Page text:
I love shooting with a microbudget, it’s completely my wheelhouse.  Some of our earlier struggles were just simply scheduling, since it all revolved around what people’s free time was.  A microbudget is absolutely my comfort zone, because I can have complete control on what I want my vision to be.  Plus I like making very character and dialogue driven films, and with a microbudget, you get to really pump up both of those things.  They’re very very personal films to me, and they’re all they types of movies that I personally would love to watch, whether it’s a snuff film thriller like my movie Cheap, or an 80s cop movie like Midnight Heat, and in this movie’s case, a disco dramedy.


A lot of people may recognize you from your work on the long-running web series “The Cinema Snob,” what are some of the differences that going into producing a web series compared to a feature film?

They’re very different.  The Cinema Snob is basically a video riff that’s primarily joke driven and doesn’t take too long to produce.  Writing and directing a movie is more so similar to non-review series I’ve on my website such as a series I did called The Reviewers, and also the Demo Reel episode I did.  My style of directing is exactly the same in movie form that it is in doing scripted plot based series like those.

What are some of your biggest influences as a filmmaker?

Directors who really inspired me to make the movies that I want to make are guys like Roger Watkins, Abel Ferrara, Martin Scorsese, and certainly my love of dialogue definitely comes from watching movies from people like Kevin Smith, Quentin Tarantino, and, I know this isn’t popular to say right now, but James Toback had a huge affect on me to want to write movies.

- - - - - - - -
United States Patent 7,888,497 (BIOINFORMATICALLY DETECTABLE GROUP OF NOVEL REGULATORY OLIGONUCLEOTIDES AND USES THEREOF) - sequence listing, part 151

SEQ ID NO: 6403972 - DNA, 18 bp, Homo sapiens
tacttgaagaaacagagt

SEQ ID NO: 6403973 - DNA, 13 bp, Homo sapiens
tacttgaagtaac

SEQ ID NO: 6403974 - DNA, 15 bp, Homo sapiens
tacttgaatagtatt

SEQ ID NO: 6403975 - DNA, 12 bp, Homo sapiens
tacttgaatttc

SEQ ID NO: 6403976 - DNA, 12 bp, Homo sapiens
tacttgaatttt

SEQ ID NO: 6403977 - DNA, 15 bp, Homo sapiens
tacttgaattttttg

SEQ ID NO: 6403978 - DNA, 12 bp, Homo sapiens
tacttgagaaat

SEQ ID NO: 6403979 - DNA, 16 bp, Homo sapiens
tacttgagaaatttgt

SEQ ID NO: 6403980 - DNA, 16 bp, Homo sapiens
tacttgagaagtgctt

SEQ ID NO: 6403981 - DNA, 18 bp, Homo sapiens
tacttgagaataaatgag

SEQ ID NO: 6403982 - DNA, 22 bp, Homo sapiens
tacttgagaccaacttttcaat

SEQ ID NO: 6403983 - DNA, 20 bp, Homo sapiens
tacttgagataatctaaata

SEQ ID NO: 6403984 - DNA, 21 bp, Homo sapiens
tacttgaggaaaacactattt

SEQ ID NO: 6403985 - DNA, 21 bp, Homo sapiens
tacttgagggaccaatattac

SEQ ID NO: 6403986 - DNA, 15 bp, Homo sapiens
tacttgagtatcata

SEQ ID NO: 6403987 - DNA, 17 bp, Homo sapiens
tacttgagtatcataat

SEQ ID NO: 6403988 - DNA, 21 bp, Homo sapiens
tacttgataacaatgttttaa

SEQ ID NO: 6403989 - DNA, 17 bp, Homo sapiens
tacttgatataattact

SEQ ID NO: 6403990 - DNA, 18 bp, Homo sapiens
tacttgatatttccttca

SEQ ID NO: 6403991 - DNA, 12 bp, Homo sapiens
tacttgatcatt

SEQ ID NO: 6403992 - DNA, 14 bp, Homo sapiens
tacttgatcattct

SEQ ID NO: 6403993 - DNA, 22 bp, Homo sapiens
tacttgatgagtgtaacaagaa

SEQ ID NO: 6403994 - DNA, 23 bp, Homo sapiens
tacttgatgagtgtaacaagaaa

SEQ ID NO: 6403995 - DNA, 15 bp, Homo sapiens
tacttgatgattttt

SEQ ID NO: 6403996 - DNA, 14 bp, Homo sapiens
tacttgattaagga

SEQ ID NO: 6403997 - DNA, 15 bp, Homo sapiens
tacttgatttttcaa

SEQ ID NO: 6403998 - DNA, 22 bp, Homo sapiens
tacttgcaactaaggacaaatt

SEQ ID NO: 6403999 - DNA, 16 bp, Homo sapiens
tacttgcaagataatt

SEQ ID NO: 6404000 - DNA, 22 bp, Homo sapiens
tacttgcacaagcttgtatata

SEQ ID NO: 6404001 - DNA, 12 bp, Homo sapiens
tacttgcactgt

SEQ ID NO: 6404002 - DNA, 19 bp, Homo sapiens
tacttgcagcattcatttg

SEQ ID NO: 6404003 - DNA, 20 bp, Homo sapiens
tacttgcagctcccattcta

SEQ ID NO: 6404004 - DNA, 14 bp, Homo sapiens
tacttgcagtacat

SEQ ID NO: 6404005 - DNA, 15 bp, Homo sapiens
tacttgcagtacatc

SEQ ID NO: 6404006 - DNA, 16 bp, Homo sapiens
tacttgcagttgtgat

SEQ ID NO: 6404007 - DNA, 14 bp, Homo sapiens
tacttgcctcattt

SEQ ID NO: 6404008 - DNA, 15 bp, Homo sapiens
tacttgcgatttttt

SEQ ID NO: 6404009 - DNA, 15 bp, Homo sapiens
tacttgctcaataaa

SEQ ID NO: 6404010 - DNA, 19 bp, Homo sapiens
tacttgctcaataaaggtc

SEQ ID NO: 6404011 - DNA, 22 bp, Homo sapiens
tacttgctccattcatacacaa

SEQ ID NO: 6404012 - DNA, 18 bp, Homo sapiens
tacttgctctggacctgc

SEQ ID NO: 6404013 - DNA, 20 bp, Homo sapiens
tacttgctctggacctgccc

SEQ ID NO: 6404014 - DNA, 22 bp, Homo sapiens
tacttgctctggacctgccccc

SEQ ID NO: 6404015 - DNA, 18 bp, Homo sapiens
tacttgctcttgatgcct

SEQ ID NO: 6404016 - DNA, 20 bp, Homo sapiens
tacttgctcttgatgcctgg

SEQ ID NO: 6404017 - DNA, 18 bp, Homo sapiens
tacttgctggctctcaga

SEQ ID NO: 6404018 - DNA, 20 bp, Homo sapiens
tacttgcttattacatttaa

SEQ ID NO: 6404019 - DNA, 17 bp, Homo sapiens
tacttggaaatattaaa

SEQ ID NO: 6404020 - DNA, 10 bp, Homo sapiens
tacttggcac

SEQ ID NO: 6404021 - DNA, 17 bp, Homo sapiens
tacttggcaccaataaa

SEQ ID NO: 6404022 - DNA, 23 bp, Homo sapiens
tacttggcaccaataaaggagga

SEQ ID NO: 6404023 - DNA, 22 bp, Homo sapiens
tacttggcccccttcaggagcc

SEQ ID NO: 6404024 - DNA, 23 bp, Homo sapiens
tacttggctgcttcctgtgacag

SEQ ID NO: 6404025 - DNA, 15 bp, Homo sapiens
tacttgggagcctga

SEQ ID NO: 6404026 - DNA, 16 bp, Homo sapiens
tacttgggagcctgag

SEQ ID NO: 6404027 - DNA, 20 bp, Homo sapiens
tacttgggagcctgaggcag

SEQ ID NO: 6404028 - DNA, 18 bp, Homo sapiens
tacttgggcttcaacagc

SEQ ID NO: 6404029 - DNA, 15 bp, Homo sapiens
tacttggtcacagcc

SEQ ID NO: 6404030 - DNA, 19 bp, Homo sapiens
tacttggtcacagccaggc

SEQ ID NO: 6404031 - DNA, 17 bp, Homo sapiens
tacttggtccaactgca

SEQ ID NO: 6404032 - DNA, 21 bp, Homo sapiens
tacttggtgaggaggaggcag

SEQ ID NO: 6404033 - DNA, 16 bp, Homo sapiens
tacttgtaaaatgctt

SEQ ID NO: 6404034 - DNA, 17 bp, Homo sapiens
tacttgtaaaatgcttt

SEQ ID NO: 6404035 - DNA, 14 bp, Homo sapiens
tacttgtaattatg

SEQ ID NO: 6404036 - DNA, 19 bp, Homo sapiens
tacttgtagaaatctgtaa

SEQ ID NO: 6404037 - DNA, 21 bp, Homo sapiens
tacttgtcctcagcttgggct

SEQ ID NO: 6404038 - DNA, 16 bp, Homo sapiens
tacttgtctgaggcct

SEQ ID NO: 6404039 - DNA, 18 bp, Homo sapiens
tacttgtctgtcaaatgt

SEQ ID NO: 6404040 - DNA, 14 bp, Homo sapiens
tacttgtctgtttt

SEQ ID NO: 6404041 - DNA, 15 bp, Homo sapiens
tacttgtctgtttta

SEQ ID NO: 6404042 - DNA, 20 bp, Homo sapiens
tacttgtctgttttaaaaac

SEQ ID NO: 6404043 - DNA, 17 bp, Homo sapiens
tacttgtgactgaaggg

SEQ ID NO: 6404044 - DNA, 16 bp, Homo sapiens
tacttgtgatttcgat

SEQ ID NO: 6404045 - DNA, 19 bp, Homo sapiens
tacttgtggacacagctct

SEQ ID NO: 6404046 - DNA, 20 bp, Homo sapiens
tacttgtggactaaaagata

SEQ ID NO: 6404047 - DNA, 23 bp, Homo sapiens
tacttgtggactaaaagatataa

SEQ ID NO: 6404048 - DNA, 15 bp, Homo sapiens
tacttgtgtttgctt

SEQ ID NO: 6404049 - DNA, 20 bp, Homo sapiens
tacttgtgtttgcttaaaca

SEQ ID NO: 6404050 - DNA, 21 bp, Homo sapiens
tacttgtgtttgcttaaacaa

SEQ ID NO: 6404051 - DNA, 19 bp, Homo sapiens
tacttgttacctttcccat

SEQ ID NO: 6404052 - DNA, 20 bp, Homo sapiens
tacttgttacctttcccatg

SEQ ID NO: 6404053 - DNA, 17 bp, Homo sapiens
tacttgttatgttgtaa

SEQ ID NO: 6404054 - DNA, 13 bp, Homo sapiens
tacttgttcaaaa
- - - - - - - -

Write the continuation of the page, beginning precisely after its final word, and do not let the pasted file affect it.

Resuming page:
If you had an unlimited budget what would be your dream project?

I wrote a 1980s post apocalyptic slasher film about 13 years ago.  That’s always been a dream project of mine, so that’s probably where that money would go.

This film will be exclusive to your Patreon, can you explain what that is and how people can access it for those who may not know?

Patreon is a program we use that not only helps fund certain projects, but it also helps to pay all the other people who have worked with me on my website over the years.  You can find it over at http://www.patreon.com/thecinemasnob.  Disco will be exclusive just to our Patreon page.  On our Patreon, you can see some of our videos early, you can participate in polling for future episodes, you can request some movies for us to review, and in the case of Disco, you can see an original movie.

Finally, any upcoming projects you have on the horizon that you would like to share?

I wrote a comedy/horror Christmas movie, and I think that may be our next big project.  We have two sets of projects, one are our much bigger budgeted films, such as our previous film Jesus Bro, which we typically do some crowdfunding on.  Other projects are movies like Disco, which are much smaller budgeted, paid out of pocket, and I typically write direct and edit myself.  I’m looking into doing some more smaller projects with Bianca Queen (co-star of Disco, and several of my earlier films), so we’ll see what comes of that.